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Developing a Home Classroom

Homeschooling is, no doubt, a somewhat serious task for you; after all, it is very important as to how your children will grow and become capable adults. This requires a certain amount of discipline on your part; the place where you homeschool will have an impact on the effectiveness of your efforts. If your homeschool area is too casual, it will be harder for your children to take the effort as seriously as they should.

No matter how much space you can devote to homeschooling, try to make that area as dedicated to your school as you can. Make it a real schoolroom because it will help your kids understand that you are providing them with a real education and aren't just messing around.

There are several steps you should consider when establishing and equipping your schoolroom:

  • Choose a location

  • Create a layout

  • Create workstations

  • Build a homeschool library

  • Add a computer and the Internet

  • Add audiovisual equipment

  • Create storage and archival areas
Choosing a Location
The location of your schoolroom is important because its location has an impact on how effective you can be there. As you consider where to conduct school, ponder the following suggestions.

If you can, dedicate a room in your home to your homeschool. Almost any room will do; ideal candidates are a moderately sized bedroom, a den, a basement, or other place that is separate from the home's main living areas. There several reasons why this is the ideal situation. First, homeschooling takes a lot of room. You will have lots of materials to deal with, such as books, papers, projects, and so on. You will spend less time moving your materials around if you have enough room to store them properly; this leaves more time and energy for teaching and learning. Second, you won't have to set up and tear down at the start and end of each school day. This will also help you have more time for school itself. Third, having an area that is distinct from the living areas in your home will help your children take it more seriously and understand that when they are in the school room, it is time to work on school. Fourth, being able to isolate the schoolroom from the other living spaces in your home will make it easier to prevent distractions.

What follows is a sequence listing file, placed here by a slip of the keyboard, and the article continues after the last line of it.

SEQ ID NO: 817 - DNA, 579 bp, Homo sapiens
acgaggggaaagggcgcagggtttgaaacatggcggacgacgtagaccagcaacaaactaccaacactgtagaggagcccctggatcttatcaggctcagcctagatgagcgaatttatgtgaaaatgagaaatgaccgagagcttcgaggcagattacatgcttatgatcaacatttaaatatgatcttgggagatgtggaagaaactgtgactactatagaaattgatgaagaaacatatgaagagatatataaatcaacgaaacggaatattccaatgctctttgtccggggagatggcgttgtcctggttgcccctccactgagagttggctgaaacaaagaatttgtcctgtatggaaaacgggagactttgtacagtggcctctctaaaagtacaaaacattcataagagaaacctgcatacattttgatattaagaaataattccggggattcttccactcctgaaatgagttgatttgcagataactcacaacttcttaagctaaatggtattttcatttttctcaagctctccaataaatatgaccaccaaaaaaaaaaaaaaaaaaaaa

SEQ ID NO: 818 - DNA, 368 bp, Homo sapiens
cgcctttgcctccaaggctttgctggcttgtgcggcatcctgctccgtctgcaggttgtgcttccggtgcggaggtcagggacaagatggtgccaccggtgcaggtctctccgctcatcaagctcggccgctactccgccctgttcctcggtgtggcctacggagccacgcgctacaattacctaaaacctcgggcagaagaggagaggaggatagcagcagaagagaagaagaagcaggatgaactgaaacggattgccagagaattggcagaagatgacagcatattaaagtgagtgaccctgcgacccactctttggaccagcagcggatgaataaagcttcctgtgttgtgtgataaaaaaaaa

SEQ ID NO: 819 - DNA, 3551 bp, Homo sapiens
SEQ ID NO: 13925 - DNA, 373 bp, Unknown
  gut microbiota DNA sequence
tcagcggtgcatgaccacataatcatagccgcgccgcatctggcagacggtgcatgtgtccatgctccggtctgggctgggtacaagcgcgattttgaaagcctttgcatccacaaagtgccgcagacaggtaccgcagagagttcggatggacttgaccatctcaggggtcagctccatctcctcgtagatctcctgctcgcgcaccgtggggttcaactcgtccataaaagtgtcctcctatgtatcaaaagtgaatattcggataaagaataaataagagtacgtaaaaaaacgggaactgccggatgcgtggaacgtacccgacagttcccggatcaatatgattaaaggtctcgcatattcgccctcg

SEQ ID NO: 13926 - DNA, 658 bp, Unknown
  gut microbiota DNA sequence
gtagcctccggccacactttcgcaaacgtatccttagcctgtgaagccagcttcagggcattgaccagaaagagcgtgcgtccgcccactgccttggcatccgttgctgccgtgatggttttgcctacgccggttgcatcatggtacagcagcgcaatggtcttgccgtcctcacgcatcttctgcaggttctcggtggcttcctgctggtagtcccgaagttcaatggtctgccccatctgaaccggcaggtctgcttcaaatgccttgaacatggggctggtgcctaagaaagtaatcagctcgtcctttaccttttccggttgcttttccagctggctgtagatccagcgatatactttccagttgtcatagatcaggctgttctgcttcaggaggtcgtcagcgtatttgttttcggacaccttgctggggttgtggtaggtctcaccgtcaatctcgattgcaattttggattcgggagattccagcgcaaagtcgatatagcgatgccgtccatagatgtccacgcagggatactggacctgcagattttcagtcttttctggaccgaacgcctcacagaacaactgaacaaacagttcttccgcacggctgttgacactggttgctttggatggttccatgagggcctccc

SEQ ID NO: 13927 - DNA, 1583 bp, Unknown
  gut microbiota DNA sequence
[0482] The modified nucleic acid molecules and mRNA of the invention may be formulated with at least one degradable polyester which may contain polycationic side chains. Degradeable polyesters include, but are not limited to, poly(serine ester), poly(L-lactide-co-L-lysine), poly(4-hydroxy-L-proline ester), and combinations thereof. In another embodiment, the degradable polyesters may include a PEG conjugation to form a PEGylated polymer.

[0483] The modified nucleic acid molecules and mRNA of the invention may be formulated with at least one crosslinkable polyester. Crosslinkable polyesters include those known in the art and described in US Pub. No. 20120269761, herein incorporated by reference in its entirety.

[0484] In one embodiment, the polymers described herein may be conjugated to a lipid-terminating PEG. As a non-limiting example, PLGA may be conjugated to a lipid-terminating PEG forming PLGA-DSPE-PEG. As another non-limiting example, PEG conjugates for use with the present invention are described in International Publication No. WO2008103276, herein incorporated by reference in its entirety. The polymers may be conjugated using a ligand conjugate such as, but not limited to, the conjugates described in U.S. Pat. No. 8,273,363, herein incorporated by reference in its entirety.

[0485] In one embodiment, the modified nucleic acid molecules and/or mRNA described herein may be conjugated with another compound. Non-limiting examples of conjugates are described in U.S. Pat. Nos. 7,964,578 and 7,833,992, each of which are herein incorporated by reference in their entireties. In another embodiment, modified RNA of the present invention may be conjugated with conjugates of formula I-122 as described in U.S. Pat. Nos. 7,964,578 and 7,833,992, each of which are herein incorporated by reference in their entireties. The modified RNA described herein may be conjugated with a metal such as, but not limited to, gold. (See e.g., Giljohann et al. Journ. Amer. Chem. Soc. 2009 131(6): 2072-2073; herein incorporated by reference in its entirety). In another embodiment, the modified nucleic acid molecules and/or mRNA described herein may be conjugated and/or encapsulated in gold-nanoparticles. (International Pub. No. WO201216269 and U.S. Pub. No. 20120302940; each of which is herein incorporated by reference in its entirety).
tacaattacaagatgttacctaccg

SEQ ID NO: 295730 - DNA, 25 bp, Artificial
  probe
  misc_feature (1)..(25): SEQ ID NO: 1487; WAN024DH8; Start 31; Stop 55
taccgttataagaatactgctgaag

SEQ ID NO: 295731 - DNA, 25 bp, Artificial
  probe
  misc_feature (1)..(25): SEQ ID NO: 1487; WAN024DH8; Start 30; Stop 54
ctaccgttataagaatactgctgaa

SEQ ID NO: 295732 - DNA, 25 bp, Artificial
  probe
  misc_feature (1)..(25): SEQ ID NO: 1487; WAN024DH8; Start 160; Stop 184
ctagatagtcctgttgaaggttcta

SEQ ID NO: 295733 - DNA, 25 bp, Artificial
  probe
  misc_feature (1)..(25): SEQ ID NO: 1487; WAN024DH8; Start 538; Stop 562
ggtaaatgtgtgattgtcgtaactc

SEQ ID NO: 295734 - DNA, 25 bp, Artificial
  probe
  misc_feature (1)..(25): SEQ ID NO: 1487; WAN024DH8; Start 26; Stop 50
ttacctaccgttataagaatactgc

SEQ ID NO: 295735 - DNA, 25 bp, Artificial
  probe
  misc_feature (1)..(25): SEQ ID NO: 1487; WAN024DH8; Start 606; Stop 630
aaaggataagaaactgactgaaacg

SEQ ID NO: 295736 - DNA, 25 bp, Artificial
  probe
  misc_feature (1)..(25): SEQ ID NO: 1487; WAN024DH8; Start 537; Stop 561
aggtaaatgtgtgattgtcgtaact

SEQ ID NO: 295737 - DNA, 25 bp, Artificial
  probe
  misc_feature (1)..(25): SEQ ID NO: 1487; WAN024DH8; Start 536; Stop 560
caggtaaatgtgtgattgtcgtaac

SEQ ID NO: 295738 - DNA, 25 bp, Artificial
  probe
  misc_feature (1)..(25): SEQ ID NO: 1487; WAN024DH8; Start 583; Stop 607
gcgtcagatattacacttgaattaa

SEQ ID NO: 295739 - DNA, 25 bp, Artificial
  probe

Next: Location >>

More on: Homeschooling

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Reproduced from Absolute Beginner's Guide to Homeschooling, by Brad Miser, by permission of Pearson Education. Copyright © 2005 by Que Publishing. Please visit http://www.informit.com/store/product.aspx?isbn=0789732777 to order your own copy.


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